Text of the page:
(Updates with cedi in ninth paragraph.)
Feb. 14 (Bloomberg) -- Ghana’s central bank will probably leave its benchmark interest rate unchanged for a fourth meeting tomorrow as it signals a weaker currency may drive up prices in West Africa’s second-biggest economy.
The Bank of Ghana will keep the policy rate at 12.5 percent, after lowering it twice last year, according to 10 of 11 economists surveyed by Bloomberg. Bank of Ghana Governor Kwesi Amissah-Arthur is scheduled to announce the decision at 11 a.m. in the capital, Accra.
“The bias in the comment will continue to be towards the hawkish side with growing concerns around currency weakness feeding into higher inflation,” Stephen Bailey-Smith, sub- Saharan Africa strategist at Standard Bank Plc in London, said in an e-mailed response to questions.
Inflation, which was unchanged at 8.6 percent in December, may accelerate after fuel prices increased and the cedi fell 4.4 percent against the dollar this year, the most of 22 African currencies tracked by Bloomberg. The central bank cut its key rate by 6 percentage points since 2010, with the last adjustment in July.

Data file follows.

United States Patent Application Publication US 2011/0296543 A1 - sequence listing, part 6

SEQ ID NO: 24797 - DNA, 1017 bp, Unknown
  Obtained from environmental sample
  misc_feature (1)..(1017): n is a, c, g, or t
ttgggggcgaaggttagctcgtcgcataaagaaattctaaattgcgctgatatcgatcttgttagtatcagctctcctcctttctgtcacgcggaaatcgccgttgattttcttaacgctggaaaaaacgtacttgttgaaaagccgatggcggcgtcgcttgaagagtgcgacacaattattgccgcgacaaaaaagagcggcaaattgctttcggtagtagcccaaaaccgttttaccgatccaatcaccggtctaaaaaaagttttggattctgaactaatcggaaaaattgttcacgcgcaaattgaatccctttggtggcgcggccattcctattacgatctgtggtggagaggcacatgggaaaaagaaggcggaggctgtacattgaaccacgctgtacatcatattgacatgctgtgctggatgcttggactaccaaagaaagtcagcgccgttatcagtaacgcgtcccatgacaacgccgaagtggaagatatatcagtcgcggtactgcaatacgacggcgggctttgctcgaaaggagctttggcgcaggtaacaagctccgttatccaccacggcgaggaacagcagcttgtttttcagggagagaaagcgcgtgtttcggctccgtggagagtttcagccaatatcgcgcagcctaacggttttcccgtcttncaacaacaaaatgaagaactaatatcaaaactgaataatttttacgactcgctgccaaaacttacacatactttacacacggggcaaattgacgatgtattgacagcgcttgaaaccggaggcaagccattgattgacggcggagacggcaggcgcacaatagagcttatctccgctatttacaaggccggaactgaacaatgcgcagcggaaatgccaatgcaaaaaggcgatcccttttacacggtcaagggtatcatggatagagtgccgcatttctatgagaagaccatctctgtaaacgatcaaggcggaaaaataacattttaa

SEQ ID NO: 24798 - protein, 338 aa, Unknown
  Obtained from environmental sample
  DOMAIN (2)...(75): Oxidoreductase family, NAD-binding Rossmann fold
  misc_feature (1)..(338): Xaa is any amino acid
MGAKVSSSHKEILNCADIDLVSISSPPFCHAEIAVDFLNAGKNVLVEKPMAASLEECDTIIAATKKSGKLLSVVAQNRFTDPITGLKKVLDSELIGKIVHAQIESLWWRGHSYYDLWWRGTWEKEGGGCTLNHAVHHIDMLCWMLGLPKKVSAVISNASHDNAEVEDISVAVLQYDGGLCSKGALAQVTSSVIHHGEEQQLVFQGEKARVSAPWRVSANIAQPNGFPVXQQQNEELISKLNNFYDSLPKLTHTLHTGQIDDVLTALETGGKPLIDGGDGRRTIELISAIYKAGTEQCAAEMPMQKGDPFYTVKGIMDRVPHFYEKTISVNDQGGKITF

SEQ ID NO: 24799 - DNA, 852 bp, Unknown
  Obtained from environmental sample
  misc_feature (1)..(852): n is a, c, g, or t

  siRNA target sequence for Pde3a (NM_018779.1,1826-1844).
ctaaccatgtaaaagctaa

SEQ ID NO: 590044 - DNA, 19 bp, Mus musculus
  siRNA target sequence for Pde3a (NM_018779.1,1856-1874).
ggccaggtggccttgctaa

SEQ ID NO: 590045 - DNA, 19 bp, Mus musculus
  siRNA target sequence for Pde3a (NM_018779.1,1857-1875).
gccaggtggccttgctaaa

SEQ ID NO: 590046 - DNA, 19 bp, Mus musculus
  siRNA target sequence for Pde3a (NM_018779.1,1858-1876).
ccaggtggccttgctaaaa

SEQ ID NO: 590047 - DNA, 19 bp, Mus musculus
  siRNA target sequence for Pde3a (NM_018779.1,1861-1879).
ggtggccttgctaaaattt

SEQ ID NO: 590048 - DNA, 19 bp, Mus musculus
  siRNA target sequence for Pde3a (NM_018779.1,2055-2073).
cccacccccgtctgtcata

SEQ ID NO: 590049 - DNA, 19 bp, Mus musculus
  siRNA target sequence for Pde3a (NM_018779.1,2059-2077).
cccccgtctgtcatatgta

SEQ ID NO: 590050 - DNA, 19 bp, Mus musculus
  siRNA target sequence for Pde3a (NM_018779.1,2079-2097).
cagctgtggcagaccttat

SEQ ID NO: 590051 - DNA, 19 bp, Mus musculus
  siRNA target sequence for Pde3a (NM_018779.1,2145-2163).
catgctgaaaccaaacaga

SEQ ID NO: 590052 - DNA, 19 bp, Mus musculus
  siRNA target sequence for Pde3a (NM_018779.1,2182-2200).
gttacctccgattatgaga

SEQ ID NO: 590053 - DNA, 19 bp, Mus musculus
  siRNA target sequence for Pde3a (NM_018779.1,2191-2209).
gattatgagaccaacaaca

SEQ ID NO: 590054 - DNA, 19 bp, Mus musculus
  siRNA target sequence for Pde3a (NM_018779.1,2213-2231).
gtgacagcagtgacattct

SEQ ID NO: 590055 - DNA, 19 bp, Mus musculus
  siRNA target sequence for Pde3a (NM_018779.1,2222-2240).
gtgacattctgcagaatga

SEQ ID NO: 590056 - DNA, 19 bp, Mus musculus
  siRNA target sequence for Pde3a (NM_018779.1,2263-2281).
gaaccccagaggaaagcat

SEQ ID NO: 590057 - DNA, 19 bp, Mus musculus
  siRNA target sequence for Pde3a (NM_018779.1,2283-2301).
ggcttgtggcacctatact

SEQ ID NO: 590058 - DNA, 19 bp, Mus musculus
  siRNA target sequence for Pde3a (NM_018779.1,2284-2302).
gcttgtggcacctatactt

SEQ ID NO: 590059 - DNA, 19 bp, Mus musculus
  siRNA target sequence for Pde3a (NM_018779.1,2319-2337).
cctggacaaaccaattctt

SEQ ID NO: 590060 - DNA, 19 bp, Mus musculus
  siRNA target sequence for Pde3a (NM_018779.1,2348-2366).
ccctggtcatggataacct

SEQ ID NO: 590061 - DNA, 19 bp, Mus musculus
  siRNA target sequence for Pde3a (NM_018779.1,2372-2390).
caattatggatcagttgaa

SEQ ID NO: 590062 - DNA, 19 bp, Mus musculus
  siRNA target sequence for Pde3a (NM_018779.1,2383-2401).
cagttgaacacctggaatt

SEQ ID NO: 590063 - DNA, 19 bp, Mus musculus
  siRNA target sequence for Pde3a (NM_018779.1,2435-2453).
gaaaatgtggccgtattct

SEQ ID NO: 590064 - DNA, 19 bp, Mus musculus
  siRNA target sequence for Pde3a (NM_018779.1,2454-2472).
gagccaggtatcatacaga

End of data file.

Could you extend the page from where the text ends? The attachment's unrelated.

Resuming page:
The bank will probably start raising rates in the fourth quarter as inflation accelerates to above 10 percent in the second quarter, Michael Kafe, an economist at Morgan Stanley in Johannesburg, said in an e-mailed report to clients yesterday.
CPI Heading Higher
“Although inflation remains within single digits, upcoming data this week is likely to support our view that CPI has already bottomed and is now headed higher,” Kafe said. “This is thanks in large measure to the short-term impact of the country’s fuel-industry deregulation, a weaker currency, and technical base effects.”
Ghana became one of Africa’s newest oil exporters in December 2010, when production started at the offshore Jubilee oil field, operated by U.K.-based Tullow Oil Plc. The country is the world’s second-largest cocoa producer after Ivory Coast and the continent’s second-biggest gold miner after South Africa.
The economy, which expanded 12 percent in the third quarter from a year ago, grew an estimated 13.6 percent in 2011, Amissah-Arthur said Feb. 7.
The cedi dropped for a fourth day, losing 0.2 percent to 1.7175 against the dollar as of 12:30 p.m. in Accra.
“The monetary policy committee will not feel inclined to hike this early in the year,” Yvonne Mhango, a Johannesburg- based Africa economist at Renaissance Capital, said in an e- mailed note Feb. 10.
--Editors: Gordon Bell, Nasreen Seria
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